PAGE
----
St. Petersburg Coastal and Marine Science Center
Video and audio podcasts that describe USGS science conducted at the St. Petersburg Coastal and Marine Science Center and within the Coastal and Marine Geology program.
More multimedia products featuring St. Petersburg Coastal and Marine Science Center activities
Vibracoring-Reconstructing the past from Earth sediments
Geologists rely on information from deep beneath the Earth's surface to reconstruct the past. As sediments accumulate over time, they create records geologists use to understand Earth history and to predict future processes and trends. The most common way to get this information is to drill a hole in the Earth where sediments have been deposited over time. The type of drilling tool used for cores depends on how deep and how hard the sediments are. Vibracoring is one of the tools used in shallow coastal areas where sediments consist of soft sand and mud. This video podcast describes how cores are collected in shallow water from the deck of a research vessel using vibracoring. The sediments drilled are recovered in the form of a core that will contain an intact record of the past. Core samples are used to assess the geologic history of an area, such as its geomorphology; coastal, marine, and terrestrial processes; and changes in environmental quality.
Ocean Acidification: Research on Top of the World
The Arctic Ocean is one of the most remarkable bodies of water on the planet. It houses large charismatic predators like polar bears, whales, and seals; critical species like shell fish and phytoplankton; and an array of organisms found nowhere else on Earth. The Arctic Ocean is also the most inaccessible and least explored ocean. Its remoteness has kept it ecologically pristine. But the Arctic is where climate change impacts are strongest and where global changes are underway.
Microfossils Reveal Climatic History of the Gulf of Mexico
Proxy data such as tree rings, ice cores, and microorganisms are collected and analyzed by scientists to unlock past climate records stretching back thousands to millions of years ago. This video podcast examines how scientists can decipher past climate from such records by focusing on a proxy calibration study in the Gulf of Mexico. Microfossils recovered from the northern Gulf of Mexico are used to assess the control of temperature and salinity on the composition of microfossil assemblages and the chemical composition of their shells. The new data will be used to develop better estimates of past conditions from analyses of microfossils in sediment cores.
Corals: A 50-Year Photographic Record of Change
This video podcast highlights 50 years of photographic documentation of coral reefs in the Florida Keys. The photographs show 5 decades of changes that have taken place in both the size and the types of corals that were present at several coral reef sites from the early 1960s to today. The images capture events such as the appearance of coral disease and the die off of coral species like staghorn in the region.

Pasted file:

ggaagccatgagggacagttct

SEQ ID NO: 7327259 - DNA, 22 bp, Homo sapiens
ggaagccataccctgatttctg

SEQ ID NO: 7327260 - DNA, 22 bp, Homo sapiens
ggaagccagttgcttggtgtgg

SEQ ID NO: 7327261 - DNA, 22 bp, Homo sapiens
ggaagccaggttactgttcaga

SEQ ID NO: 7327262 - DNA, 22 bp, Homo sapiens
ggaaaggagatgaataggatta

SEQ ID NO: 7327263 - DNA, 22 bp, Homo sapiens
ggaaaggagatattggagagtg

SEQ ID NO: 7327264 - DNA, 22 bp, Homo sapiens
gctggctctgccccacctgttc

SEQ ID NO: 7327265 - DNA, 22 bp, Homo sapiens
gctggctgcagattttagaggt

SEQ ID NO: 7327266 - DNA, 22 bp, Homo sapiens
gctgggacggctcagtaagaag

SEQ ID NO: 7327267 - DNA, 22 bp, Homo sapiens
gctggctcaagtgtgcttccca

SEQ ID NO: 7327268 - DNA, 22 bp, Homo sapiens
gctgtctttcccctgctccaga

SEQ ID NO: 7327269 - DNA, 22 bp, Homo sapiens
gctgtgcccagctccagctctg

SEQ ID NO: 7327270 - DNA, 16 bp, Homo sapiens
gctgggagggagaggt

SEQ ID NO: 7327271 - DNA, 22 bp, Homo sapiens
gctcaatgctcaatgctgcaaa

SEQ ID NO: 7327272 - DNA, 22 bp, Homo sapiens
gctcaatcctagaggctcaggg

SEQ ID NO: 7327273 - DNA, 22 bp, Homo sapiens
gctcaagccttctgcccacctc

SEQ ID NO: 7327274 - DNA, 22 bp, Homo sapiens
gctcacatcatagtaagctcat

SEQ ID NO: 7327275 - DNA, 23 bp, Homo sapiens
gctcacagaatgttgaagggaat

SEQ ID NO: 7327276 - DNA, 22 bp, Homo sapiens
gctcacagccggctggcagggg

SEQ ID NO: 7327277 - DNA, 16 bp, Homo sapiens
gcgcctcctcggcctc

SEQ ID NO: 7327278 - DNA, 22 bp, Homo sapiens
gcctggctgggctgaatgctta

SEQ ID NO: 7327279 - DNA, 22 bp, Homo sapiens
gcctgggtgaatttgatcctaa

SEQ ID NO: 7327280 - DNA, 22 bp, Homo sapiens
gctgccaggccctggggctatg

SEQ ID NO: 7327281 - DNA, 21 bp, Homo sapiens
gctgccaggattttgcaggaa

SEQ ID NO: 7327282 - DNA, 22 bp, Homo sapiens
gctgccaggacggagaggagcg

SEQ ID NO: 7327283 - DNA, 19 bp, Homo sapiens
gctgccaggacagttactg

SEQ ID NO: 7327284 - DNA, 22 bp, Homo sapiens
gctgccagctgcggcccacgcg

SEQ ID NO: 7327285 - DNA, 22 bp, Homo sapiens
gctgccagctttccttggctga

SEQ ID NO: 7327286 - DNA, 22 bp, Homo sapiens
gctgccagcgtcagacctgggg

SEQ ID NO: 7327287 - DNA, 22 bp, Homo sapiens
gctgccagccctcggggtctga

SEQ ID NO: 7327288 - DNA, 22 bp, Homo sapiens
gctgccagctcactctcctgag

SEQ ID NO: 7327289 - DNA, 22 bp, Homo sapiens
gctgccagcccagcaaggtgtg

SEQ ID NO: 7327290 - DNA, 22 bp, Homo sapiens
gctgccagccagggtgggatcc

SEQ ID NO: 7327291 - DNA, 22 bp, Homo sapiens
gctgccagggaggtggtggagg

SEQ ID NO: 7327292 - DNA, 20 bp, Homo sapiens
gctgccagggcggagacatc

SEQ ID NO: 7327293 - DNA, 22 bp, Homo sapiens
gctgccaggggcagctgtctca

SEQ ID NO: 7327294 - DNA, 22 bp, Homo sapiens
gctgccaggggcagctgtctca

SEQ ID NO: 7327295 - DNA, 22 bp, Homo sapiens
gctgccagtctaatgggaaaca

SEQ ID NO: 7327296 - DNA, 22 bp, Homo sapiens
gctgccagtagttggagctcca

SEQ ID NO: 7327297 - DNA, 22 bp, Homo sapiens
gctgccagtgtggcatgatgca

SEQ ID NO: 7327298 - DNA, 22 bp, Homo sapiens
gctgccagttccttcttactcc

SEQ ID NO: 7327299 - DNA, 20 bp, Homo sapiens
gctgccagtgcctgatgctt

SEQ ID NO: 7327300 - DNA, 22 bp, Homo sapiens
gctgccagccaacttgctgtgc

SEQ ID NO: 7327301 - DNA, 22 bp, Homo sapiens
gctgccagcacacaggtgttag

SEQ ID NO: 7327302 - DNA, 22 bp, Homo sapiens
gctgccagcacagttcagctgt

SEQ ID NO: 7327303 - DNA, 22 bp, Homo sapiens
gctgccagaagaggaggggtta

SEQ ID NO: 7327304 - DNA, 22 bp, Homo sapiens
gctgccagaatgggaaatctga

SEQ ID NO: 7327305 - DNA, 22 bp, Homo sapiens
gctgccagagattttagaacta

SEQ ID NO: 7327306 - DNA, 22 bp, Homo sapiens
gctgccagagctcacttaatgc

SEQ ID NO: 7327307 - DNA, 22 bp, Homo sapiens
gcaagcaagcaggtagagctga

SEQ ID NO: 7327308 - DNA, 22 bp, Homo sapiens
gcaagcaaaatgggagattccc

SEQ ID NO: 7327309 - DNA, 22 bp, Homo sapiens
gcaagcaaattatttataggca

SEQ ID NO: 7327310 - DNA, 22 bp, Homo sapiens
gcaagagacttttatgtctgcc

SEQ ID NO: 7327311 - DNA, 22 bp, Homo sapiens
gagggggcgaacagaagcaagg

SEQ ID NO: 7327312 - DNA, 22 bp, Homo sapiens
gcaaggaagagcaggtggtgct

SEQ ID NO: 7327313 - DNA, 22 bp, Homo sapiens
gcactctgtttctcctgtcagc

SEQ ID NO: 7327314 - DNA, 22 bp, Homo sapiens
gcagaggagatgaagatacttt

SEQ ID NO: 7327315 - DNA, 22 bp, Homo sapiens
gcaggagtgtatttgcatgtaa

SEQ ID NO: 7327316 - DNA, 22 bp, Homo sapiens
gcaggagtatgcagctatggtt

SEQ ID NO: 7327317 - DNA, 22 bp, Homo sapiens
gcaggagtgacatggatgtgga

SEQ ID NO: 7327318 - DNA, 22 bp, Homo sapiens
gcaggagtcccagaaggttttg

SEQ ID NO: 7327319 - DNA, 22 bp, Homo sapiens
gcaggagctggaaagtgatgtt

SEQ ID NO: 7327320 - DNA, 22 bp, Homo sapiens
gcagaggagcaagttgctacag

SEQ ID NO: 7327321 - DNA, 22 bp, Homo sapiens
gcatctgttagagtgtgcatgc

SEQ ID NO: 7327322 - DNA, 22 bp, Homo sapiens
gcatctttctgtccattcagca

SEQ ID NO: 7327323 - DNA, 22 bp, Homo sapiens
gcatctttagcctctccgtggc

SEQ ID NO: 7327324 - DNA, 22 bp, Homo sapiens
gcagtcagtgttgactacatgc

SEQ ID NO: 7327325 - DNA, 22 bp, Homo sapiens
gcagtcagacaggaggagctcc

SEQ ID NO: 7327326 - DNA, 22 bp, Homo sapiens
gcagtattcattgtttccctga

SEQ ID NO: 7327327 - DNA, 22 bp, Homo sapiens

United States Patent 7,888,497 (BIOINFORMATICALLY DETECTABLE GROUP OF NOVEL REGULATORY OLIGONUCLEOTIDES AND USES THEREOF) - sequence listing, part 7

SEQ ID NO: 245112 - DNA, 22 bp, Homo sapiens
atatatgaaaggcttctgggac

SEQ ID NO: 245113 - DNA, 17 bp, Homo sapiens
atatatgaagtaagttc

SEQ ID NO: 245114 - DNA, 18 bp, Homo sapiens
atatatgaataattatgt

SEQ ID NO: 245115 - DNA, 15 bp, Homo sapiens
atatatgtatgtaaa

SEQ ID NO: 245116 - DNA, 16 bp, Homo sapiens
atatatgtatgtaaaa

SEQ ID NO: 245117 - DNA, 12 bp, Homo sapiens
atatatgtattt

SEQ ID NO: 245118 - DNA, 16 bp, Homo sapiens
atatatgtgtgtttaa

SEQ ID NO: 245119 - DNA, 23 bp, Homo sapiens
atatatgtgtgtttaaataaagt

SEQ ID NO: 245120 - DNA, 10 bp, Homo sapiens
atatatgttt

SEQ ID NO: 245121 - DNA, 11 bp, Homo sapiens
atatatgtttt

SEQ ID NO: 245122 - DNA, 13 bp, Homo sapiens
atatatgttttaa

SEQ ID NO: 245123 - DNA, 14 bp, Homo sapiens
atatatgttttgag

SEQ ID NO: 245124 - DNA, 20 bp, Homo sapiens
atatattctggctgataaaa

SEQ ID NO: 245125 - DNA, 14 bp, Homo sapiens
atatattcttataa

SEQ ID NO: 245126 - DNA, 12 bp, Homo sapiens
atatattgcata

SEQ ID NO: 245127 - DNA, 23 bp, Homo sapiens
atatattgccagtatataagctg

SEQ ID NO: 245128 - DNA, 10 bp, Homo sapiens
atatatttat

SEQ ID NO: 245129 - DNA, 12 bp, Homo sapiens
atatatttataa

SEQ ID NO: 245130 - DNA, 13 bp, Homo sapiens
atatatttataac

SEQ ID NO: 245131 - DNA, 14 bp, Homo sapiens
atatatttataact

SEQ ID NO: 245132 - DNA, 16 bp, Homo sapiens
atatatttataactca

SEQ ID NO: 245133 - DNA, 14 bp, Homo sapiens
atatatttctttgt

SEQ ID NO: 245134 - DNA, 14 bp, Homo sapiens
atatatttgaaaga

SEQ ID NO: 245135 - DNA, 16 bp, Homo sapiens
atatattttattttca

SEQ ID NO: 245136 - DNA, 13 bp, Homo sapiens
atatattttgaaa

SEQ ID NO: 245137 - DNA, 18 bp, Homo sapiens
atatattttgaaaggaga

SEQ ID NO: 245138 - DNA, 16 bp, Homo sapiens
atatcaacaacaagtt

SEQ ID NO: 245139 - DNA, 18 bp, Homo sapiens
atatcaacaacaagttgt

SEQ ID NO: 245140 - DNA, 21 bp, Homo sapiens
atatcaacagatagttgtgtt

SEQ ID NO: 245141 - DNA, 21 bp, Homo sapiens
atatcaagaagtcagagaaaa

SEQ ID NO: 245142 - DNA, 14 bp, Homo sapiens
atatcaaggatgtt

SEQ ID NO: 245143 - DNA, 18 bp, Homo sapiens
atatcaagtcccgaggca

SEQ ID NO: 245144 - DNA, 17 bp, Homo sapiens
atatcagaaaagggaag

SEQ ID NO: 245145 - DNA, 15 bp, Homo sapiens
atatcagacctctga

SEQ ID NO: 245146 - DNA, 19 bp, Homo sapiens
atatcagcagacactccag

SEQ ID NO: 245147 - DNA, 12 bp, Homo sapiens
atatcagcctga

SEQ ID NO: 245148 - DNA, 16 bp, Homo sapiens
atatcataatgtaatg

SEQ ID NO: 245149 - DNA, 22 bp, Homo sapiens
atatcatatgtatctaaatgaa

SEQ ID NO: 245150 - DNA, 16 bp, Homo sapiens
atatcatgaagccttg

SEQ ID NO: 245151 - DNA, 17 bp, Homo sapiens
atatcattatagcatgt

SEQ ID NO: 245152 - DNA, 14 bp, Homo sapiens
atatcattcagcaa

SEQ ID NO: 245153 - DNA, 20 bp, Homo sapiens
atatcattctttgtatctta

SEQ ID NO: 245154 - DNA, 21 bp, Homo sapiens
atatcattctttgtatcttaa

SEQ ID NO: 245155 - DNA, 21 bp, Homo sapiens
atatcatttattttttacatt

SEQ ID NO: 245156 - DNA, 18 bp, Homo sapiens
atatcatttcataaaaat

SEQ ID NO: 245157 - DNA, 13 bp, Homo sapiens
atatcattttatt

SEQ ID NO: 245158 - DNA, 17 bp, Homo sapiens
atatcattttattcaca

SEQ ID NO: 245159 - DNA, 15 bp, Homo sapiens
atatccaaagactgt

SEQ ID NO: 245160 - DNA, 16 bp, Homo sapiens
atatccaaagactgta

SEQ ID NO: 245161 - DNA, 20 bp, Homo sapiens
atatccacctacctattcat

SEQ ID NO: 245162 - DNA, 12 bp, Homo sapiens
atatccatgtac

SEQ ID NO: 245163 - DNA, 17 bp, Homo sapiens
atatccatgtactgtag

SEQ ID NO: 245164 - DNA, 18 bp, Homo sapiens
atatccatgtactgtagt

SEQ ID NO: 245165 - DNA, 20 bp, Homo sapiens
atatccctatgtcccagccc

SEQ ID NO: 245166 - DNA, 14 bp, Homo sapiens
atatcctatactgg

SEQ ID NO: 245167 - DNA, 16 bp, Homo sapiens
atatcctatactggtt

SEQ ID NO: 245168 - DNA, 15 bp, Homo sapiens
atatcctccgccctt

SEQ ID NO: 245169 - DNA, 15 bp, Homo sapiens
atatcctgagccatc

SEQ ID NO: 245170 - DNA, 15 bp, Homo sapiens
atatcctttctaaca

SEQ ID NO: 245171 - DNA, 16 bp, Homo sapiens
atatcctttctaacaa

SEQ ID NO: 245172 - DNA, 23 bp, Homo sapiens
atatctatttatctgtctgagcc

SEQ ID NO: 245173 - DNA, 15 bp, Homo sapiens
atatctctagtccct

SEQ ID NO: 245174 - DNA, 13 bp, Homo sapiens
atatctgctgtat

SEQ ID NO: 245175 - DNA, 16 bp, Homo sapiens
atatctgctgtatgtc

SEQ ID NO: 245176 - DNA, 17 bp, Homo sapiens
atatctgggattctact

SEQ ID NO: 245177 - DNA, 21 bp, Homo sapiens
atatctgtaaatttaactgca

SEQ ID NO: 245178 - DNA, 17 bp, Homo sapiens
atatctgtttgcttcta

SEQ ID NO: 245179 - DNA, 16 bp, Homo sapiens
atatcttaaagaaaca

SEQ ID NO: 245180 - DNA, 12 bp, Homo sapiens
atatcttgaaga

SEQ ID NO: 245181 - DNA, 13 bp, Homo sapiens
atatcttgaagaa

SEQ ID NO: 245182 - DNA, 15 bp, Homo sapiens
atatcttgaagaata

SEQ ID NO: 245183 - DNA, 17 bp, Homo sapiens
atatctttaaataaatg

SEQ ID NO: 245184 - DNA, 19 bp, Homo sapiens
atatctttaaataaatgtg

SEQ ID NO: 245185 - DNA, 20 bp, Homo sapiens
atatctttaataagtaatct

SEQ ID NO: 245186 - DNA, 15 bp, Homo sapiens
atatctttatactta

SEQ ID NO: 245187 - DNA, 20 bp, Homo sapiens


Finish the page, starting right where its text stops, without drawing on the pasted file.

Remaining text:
In Harm's Way: Measuring Storm Impacts to Forecast Future Vulnerability
This video podcast looks at the science behind understanding coastal vulnerability and hazards posed by extreme storms. It documents how USGS scientists study the response of coastal environments to the extreme winds, waves, and currents brought by such storms.
The Submersible Habitat for Analyzing Reef Quality (SHARQ) is a new tool scientists use to understand and map metabolic characteristics associated with marine communities living on the sea floor. This podcast gives a closer look at how scientists use SHARQ to analyze important habitats like coral reefs.
African Dust, Coral Reefs and Human Health
African Dust, Coral Reefs and Human Health presents how recent changes in the composition and quantities of African dust transported to the Caribbean and the Americas might provide clues to why Caribbean coral reef ecosystems are deteriorating and human health may be impacted. The documentary features work being done by scientists at the U.S. Geological Survey in St. Petersburg, Florida and Denver, Colorado and at the Department of Energy in Berkeley, California.
Summer Fieldwork in Everglades National Park
In this podcast scientists cruise through tidal creeks, sample mangrove sites, pull sediment cores, and avoid swarms of mosquitoes while conducting studies and monitoring the largest subtropical wilderness in the United States, the Everglades.